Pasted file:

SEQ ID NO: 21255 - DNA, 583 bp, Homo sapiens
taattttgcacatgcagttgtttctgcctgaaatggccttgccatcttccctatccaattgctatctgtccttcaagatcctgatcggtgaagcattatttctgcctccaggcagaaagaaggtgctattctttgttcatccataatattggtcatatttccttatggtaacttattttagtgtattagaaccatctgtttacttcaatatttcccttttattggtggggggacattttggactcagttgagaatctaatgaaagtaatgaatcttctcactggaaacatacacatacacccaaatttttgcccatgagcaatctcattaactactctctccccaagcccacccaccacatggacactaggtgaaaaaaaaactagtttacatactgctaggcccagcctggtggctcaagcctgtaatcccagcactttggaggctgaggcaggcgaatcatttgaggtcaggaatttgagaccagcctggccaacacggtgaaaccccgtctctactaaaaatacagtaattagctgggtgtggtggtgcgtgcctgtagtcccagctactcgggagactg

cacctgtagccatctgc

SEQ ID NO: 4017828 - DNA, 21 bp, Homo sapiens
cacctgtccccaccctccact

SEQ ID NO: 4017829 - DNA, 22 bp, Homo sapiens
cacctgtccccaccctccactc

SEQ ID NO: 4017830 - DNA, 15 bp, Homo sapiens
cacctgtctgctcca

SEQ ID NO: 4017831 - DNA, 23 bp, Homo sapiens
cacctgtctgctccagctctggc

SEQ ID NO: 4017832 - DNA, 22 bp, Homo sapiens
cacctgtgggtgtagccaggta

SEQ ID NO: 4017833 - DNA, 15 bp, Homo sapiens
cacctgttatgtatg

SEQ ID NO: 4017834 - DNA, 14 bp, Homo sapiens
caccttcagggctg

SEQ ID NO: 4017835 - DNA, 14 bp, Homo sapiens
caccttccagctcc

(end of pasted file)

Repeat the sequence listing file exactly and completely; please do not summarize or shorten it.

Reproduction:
SEQ ID NO: 21255 - DNA, 583 bp, Homo sapiens
taattttgcacatgcagttgtttctgcctgaaatggccttgccatcttccctatccaattgctatctgtccttcaagatcctgatcggtgaagcattatttctgcctccaggcagaaagaaggtgctattctttgttcatccataatattggtcatatttccttatggtaacttattttagtgtattagaaccatctgtttacttcaatatttcccttttattggtggggggacattttggactcagttgagaatctaatgaaagtaatgaatcttctcactggaaacatacacatacacccaaatttttgcccatgagcaatctcattaactactctctccccaagcccacccaccacatggacactaggtgaaaaaaaaactagtttacatactgctaggcccagcctggtggctcaagcctgtaatcccagcactttggaggctgaggcaggcgaatcatttgaggtcaggaatttgagaccagcctggccaacacggtgaaaccccgtctctactaaaaatacagtaattagctgggtgtggtggtgcgtgcctgtagtcccagctactcgggagactg

cacctgtagccatctgc

SEQ ID NO: 4017828 - DNA, 21 bp, Homo sapiens
cacctgtccccaccctccact

SEQ ID NO: 4017829 - DNA, 22 bp, Homo sapiens
cacctgtccccaccctccactc

SEQ ID NO: 4017830 - DNA, 15 bp, Homo sapiens
cacctgtctgctcca

SEQ ID NO: 4017831 - DNA, 23 bp, Homo sapiens
cacctgtctgctccagctctggc

SEQ ID NO: 4017832 - DNA, 22 bp, Homo sapiens
cacctgtgggtgtagccaggta

SEQ ID NO: 4017833 - DNA, 15 bp, Homo sapiens
cacctgttatgtatg

SEQ ID NO: 4017834 - DNA, 14 bp, Homo sapiens
caccttcagggctg

SEQ ID NO: 4017835 - DNA, 14 bp, Homo sapiens
caccttccagctcc